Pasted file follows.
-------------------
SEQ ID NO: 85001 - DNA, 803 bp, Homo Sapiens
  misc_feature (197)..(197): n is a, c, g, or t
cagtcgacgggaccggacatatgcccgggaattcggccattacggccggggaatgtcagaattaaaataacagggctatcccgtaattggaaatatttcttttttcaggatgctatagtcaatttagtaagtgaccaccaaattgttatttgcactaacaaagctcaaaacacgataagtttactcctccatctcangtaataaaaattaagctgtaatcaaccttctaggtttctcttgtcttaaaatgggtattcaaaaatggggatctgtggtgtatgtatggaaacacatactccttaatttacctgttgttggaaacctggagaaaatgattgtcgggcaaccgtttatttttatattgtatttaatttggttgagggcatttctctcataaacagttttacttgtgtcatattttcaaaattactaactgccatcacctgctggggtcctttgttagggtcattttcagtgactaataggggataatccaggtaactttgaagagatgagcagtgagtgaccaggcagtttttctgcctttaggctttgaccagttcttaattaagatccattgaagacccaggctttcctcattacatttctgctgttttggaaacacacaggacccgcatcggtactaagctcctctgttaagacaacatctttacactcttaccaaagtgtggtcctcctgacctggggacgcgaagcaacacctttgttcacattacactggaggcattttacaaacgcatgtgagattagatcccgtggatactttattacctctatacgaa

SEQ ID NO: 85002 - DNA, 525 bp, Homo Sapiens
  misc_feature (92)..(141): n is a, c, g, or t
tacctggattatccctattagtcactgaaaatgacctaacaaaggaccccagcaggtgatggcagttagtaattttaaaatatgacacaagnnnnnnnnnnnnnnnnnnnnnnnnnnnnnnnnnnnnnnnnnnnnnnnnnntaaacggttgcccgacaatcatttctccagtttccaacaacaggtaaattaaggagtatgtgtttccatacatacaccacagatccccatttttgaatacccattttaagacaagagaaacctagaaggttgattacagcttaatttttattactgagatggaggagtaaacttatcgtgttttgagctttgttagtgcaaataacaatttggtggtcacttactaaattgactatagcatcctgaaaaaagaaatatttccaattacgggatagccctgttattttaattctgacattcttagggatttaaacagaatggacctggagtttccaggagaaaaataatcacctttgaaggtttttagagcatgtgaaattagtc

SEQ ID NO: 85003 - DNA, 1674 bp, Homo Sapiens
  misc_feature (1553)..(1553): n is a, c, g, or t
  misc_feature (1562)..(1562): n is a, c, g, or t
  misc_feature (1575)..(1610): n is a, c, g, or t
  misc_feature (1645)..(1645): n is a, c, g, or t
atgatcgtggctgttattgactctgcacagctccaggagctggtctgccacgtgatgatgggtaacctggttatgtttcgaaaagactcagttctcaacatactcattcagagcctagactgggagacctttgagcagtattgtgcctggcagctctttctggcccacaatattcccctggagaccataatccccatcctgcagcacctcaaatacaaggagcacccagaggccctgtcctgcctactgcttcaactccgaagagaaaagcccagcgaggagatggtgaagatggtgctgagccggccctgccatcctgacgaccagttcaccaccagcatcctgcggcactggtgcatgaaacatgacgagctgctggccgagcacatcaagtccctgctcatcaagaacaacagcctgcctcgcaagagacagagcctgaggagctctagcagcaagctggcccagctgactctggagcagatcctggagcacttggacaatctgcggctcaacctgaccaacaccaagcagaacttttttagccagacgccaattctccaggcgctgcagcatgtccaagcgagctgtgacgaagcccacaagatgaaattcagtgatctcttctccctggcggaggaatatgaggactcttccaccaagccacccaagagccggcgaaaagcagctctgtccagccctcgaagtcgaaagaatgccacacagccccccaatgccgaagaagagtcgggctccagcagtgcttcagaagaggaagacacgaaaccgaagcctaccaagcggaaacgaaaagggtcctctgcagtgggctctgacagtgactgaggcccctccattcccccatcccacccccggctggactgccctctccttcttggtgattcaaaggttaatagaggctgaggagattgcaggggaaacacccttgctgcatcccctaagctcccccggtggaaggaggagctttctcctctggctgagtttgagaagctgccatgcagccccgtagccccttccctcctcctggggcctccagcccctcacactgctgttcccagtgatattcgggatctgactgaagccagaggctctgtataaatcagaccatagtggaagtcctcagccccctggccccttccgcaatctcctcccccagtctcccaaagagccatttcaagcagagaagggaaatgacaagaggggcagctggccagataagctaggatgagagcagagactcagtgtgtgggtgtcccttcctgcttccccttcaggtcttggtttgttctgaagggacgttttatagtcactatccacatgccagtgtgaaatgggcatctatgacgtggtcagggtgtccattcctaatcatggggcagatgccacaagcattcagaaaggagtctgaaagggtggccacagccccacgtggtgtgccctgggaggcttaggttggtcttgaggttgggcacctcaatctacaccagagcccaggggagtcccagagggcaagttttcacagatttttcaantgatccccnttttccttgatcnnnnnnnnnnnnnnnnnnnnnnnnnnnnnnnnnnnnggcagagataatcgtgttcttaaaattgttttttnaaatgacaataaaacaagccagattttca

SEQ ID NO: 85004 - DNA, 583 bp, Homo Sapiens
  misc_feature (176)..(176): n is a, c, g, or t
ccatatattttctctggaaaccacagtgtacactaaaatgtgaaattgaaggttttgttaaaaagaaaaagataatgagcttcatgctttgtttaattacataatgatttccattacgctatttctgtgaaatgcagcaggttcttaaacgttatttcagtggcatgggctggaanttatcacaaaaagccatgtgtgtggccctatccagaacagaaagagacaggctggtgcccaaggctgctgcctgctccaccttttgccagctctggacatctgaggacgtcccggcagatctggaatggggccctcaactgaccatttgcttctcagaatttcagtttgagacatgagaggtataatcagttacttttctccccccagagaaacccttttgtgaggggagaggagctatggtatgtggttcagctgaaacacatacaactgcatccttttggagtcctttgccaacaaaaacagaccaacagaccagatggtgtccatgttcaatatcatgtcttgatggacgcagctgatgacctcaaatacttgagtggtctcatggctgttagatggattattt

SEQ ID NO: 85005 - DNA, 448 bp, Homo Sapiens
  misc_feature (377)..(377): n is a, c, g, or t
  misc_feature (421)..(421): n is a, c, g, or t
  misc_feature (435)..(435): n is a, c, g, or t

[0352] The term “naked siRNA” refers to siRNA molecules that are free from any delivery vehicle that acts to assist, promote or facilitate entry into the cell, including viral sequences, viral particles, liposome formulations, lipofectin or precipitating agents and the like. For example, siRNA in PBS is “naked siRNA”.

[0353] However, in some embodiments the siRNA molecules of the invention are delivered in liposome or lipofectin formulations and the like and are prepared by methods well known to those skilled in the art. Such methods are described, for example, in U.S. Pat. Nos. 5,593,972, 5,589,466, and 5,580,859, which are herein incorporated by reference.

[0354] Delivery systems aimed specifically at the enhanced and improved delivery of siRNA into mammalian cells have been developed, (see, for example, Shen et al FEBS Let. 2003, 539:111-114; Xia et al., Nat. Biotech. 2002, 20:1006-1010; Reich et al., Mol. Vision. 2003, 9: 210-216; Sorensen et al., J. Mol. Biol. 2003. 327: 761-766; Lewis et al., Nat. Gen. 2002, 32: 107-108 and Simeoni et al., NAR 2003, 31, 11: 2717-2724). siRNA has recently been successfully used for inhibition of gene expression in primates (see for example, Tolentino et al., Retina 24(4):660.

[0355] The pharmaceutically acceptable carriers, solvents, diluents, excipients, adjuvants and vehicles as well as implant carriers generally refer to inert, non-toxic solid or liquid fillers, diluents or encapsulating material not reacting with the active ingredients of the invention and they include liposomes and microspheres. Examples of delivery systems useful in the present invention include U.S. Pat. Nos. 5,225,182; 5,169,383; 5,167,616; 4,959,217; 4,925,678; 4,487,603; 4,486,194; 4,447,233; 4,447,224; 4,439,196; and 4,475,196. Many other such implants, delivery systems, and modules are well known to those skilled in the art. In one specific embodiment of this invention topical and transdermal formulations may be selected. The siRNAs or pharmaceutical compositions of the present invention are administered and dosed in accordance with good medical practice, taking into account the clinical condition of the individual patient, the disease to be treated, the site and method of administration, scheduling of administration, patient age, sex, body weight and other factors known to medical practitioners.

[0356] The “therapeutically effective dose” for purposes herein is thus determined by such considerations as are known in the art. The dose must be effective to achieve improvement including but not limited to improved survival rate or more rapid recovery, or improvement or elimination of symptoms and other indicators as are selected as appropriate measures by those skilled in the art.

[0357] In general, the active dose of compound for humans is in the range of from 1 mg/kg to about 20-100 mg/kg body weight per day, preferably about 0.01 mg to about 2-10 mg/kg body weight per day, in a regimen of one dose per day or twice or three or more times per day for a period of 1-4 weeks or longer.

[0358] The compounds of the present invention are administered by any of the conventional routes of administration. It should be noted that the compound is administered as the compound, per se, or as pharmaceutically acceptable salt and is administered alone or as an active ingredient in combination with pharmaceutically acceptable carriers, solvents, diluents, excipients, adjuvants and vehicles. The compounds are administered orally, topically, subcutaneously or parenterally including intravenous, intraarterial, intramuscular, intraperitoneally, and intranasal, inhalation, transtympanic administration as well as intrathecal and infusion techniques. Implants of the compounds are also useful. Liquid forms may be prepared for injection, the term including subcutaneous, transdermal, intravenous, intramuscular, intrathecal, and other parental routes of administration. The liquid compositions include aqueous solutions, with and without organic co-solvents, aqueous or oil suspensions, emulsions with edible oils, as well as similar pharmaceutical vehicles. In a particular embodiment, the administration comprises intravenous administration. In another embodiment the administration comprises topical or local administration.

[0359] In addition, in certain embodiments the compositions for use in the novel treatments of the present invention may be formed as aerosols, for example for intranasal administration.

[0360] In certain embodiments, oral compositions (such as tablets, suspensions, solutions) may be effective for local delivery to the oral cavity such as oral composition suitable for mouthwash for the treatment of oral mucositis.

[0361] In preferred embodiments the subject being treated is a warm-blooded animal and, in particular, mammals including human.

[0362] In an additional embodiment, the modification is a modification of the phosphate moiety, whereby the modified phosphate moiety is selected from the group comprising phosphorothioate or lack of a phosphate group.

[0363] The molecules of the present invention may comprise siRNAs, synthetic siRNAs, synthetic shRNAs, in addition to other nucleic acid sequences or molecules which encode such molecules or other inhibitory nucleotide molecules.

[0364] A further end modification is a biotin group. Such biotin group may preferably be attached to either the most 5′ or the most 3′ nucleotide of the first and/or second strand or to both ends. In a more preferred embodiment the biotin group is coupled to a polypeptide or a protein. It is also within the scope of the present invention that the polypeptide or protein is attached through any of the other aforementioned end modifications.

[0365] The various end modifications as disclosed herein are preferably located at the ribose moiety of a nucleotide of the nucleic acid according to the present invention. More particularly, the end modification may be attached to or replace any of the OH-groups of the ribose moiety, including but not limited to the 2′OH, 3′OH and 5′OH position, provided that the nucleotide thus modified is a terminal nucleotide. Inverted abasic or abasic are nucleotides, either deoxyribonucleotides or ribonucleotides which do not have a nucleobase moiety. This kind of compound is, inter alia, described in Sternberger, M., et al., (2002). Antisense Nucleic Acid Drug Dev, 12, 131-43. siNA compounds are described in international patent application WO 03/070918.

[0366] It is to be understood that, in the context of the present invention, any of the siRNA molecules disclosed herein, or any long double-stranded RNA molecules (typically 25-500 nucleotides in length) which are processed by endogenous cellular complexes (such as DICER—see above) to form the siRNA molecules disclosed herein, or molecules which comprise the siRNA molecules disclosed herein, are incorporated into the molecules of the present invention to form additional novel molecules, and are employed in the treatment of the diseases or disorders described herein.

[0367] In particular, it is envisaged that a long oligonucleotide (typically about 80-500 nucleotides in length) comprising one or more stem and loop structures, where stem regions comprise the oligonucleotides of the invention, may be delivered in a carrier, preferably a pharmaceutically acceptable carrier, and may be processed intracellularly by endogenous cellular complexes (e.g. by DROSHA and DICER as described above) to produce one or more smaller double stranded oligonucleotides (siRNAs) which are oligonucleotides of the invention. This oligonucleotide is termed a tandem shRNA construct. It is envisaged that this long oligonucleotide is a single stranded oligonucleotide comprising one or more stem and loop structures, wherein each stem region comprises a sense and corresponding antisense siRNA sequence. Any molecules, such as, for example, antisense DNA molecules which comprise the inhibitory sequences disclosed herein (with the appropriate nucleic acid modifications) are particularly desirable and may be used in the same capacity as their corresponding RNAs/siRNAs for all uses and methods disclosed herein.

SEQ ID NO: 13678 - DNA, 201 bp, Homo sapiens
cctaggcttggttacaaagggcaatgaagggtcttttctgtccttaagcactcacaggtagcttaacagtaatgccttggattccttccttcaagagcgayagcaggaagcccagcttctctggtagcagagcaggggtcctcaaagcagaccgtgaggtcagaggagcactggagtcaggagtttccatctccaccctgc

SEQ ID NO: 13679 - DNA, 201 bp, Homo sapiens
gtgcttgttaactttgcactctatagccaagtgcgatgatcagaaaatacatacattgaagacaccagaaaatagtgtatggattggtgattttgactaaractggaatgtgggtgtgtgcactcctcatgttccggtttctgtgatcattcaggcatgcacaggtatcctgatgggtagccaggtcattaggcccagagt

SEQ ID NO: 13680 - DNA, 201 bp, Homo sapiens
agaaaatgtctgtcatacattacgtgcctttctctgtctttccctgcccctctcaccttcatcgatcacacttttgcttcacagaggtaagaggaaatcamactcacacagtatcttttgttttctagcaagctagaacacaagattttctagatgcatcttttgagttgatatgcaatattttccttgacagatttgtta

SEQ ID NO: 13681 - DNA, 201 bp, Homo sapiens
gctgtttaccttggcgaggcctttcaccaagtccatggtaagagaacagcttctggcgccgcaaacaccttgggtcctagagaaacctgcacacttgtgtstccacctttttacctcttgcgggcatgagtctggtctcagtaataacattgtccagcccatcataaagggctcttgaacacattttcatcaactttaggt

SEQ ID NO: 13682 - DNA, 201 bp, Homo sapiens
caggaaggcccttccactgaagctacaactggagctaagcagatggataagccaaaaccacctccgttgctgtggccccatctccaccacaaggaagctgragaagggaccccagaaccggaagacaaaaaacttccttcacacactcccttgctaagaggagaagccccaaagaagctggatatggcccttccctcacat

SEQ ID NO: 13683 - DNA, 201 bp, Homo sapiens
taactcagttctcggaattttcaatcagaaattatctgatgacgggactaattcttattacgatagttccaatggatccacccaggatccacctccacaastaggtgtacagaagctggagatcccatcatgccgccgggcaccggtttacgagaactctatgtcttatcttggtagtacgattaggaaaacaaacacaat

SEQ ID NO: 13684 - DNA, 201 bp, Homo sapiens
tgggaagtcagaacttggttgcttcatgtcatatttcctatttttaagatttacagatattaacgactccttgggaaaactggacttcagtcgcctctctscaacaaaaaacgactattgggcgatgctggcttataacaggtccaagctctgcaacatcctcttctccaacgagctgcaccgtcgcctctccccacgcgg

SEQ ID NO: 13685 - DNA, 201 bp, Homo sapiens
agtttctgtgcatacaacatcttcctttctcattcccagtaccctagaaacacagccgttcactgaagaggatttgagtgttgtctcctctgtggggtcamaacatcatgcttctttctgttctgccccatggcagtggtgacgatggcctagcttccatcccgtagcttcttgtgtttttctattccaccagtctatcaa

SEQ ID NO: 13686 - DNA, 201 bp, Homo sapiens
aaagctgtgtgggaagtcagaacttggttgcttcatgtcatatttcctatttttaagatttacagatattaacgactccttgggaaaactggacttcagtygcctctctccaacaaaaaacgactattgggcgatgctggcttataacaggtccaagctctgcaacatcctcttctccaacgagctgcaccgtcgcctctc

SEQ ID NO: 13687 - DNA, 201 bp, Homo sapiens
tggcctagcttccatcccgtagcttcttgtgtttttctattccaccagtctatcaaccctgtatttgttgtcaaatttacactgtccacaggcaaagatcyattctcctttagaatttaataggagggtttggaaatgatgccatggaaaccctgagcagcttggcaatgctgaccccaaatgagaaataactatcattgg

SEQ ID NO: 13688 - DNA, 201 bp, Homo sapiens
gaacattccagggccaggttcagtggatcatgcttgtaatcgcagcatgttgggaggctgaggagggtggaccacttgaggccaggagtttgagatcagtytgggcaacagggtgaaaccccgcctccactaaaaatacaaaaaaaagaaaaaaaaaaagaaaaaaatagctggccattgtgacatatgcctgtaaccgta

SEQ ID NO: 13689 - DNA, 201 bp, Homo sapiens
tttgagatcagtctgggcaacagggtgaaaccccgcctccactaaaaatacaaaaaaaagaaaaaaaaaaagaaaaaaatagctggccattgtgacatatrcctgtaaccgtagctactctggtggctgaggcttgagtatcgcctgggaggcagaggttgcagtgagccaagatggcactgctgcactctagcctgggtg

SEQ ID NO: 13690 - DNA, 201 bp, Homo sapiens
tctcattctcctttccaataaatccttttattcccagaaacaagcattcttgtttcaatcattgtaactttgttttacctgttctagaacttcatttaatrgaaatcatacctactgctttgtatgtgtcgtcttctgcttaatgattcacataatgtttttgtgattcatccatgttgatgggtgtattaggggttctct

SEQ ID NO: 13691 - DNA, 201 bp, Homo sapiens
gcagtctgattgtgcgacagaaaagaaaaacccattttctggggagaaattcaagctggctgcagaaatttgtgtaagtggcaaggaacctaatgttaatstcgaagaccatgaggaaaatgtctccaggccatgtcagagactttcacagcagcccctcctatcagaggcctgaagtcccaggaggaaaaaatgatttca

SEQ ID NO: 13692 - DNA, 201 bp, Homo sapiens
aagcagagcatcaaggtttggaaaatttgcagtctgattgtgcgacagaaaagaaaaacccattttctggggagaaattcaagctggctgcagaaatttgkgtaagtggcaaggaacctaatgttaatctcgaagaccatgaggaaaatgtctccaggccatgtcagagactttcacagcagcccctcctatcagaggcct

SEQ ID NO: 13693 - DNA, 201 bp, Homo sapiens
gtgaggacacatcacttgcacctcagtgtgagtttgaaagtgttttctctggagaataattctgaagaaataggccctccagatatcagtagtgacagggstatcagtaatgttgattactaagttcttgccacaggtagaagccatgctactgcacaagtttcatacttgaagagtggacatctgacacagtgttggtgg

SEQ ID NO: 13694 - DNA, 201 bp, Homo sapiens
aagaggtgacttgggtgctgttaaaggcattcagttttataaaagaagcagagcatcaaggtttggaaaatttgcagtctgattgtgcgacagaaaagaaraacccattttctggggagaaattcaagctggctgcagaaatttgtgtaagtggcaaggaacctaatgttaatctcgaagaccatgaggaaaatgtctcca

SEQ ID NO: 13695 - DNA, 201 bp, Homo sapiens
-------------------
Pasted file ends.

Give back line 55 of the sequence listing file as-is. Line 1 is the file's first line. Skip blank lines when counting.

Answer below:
tggcctagcttccatcccgtagcttcttgtgtttttctattccaccagtctatcaaccctgtatttgttgtcaaatttacactgtccacaggcaaagatcyattctcctttagaatttaataggagggtttggaaatgatgccatggaaaccctgagcagcttggcaatgctgaccccaaatgagaaataactatcattgg